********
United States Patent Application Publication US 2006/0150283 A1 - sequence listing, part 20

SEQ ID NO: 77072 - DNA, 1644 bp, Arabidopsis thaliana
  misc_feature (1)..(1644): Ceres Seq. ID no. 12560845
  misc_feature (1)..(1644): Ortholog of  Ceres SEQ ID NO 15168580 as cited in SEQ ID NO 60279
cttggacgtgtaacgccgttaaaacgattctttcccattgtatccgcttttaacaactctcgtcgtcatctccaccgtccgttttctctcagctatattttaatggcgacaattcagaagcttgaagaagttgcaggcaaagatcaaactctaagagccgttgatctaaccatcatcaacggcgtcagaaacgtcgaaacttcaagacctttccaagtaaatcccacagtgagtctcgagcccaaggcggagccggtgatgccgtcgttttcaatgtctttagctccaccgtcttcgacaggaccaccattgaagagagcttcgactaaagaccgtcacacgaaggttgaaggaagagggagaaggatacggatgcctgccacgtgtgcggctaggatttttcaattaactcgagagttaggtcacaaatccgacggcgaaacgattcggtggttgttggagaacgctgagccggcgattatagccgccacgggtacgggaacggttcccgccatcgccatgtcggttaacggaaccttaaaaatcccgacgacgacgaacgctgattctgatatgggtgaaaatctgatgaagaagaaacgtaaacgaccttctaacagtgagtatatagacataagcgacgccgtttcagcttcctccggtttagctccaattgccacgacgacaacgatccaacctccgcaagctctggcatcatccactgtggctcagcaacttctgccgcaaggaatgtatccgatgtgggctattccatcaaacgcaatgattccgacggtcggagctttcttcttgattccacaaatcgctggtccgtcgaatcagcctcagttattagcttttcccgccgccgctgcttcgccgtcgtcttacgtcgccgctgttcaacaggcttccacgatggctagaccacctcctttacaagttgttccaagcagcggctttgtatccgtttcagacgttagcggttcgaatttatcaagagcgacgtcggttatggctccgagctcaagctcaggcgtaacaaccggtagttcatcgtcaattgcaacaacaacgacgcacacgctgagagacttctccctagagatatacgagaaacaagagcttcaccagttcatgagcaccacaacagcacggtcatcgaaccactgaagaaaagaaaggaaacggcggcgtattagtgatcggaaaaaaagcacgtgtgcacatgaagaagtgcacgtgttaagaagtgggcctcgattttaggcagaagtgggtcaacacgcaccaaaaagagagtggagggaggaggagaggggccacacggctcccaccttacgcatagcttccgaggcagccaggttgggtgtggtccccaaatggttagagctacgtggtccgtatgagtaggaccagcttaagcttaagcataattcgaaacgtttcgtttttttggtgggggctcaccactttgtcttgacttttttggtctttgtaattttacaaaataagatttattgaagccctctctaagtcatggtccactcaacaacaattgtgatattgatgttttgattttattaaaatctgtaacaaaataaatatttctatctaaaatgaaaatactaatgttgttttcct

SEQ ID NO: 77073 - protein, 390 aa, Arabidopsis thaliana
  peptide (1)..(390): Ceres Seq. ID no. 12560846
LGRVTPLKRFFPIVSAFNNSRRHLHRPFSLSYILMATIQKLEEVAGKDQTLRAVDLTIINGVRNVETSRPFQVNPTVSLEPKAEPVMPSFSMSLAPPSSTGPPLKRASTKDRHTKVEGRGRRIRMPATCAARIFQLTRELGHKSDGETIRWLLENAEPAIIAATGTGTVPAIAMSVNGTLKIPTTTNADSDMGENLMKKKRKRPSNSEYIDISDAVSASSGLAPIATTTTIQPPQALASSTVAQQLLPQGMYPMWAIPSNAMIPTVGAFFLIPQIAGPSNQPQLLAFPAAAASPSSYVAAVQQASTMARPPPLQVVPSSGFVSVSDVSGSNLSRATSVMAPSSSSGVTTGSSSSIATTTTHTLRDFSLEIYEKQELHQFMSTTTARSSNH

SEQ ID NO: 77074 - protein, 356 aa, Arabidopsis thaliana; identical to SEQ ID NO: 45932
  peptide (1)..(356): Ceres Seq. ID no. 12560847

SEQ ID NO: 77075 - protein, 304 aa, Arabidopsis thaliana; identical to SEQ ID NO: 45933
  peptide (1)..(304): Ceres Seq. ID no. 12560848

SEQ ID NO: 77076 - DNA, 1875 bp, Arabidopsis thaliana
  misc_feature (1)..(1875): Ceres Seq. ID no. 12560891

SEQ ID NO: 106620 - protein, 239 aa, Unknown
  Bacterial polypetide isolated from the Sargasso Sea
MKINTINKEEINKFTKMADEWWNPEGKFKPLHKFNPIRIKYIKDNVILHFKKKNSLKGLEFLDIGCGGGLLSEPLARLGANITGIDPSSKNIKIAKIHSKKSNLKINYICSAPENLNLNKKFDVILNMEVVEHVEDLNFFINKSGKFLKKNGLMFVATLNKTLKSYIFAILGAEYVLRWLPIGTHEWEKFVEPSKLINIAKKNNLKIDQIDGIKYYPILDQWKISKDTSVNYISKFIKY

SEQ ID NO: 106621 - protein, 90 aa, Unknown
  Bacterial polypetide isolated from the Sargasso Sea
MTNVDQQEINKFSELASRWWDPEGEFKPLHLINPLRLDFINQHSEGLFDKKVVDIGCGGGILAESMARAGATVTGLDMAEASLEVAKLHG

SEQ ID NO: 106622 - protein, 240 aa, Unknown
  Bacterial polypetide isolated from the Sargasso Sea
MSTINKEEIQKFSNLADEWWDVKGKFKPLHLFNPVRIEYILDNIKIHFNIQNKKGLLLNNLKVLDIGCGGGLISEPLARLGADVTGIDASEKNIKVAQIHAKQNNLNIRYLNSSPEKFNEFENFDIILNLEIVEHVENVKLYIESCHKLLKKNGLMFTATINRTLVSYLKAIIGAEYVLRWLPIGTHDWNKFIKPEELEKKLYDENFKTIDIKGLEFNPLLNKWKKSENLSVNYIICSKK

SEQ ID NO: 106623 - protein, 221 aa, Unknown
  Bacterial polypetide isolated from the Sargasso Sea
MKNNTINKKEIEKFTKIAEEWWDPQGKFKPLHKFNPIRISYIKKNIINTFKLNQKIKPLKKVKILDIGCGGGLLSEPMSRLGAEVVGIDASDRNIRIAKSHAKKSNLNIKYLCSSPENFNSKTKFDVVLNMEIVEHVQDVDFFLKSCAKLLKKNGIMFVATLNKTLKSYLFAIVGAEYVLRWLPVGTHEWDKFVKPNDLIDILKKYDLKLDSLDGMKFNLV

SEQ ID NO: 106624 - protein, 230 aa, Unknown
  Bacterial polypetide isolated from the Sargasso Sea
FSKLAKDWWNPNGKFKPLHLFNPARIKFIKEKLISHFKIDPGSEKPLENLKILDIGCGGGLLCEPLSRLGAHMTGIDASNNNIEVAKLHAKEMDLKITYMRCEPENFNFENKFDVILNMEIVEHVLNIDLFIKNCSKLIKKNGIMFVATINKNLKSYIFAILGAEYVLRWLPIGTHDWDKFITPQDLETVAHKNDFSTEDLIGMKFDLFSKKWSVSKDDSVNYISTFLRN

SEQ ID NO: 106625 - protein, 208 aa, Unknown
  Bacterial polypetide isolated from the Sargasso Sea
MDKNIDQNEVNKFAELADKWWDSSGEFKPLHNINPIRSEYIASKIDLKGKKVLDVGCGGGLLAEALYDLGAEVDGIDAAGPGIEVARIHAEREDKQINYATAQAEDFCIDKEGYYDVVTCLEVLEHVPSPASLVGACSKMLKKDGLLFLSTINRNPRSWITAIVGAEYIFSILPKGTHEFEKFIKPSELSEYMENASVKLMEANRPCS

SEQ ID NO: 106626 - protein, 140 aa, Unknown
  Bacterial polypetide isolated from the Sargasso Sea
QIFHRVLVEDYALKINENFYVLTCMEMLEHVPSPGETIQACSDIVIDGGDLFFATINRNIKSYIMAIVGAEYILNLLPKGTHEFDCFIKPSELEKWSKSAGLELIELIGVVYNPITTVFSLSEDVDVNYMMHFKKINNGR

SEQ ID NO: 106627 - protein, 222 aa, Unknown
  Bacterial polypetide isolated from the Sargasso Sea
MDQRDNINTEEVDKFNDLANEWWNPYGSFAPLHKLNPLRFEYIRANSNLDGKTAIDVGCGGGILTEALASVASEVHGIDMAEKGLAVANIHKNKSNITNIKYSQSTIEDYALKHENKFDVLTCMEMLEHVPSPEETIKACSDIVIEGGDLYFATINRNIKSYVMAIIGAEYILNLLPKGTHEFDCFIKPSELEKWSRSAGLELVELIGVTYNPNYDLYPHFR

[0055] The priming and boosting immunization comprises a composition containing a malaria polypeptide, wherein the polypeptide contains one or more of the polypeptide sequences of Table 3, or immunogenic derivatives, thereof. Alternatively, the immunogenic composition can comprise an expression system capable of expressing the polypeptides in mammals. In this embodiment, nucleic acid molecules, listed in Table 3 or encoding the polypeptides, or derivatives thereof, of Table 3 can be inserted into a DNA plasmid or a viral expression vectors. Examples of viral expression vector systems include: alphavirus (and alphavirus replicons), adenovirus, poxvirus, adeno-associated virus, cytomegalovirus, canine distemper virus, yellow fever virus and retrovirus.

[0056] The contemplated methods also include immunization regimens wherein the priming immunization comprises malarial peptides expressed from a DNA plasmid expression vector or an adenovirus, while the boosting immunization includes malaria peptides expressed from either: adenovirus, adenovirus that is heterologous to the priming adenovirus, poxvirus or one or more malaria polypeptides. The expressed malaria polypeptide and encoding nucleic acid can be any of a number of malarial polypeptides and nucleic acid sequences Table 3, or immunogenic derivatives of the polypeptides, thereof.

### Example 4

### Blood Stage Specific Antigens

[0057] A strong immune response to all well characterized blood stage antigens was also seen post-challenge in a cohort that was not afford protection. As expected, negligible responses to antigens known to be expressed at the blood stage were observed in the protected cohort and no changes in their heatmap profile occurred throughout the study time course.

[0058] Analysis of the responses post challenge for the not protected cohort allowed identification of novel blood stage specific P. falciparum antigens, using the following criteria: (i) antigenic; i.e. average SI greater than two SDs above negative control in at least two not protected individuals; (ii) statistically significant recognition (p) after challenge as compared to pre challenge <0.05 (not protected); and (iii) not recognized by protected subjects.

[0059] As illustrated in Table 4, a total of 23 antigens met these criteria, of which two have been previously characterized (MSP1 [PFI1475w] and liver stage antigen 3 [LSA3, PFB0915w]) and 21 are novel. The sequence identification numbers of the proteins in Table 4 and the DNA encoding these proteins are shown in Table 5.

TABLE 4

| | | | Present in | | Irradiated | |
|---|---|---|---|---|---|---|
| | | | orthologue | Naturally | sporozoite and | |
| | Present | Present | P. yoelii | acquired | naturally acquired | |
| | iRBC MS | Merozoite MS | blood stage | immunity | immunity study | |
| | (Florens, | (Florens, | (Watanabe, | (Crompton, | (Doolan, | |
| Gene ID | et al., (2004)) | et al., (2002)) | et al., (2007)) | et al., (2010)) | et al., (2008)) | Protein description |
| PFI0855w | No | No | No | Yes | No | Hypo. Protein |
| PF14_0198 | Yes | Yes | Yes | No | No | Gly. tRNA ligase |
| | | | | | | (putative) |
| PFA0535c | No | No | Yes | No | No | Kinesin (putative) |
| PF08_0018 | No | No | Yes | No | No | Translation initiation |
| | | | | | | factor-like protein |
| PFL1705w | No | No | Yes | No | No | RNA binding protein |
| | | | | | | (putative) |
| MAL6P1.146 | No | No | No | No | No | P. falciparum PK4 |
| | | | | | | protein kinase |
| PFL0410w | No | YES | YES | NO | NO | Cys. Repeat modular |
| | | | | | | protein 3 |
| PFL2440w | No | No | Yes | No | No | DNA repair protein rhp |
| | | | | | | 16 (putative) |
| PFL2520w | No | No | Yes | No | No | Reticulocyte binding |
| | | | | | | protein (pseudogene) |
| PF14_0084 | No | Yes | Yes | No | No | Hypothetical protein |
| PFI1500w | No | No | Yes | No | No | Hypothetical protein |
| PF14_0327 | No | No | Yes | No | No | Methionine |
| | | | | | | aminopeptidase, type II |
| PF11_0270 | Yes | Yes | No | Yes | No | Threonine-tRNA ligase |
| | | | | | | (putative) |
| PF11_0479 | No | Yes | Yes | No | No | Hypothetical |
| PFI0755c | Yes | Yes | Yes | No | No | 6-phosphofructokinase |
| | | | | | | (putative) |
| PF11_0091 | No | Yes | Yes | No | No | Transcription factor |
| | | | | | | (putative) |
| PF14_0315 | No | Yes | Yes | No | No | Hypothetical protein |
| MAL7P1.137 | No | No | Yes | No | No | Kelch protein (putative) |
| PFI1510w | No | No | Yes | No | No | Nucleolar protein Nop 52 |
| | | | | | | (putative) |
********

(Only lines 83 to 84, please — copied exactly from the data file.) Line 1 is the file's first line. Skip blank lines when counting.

| PFI1510w | No | No | Yes | No | No | Nucleolar protein Nop 52 |
| | | | | | | (putative) |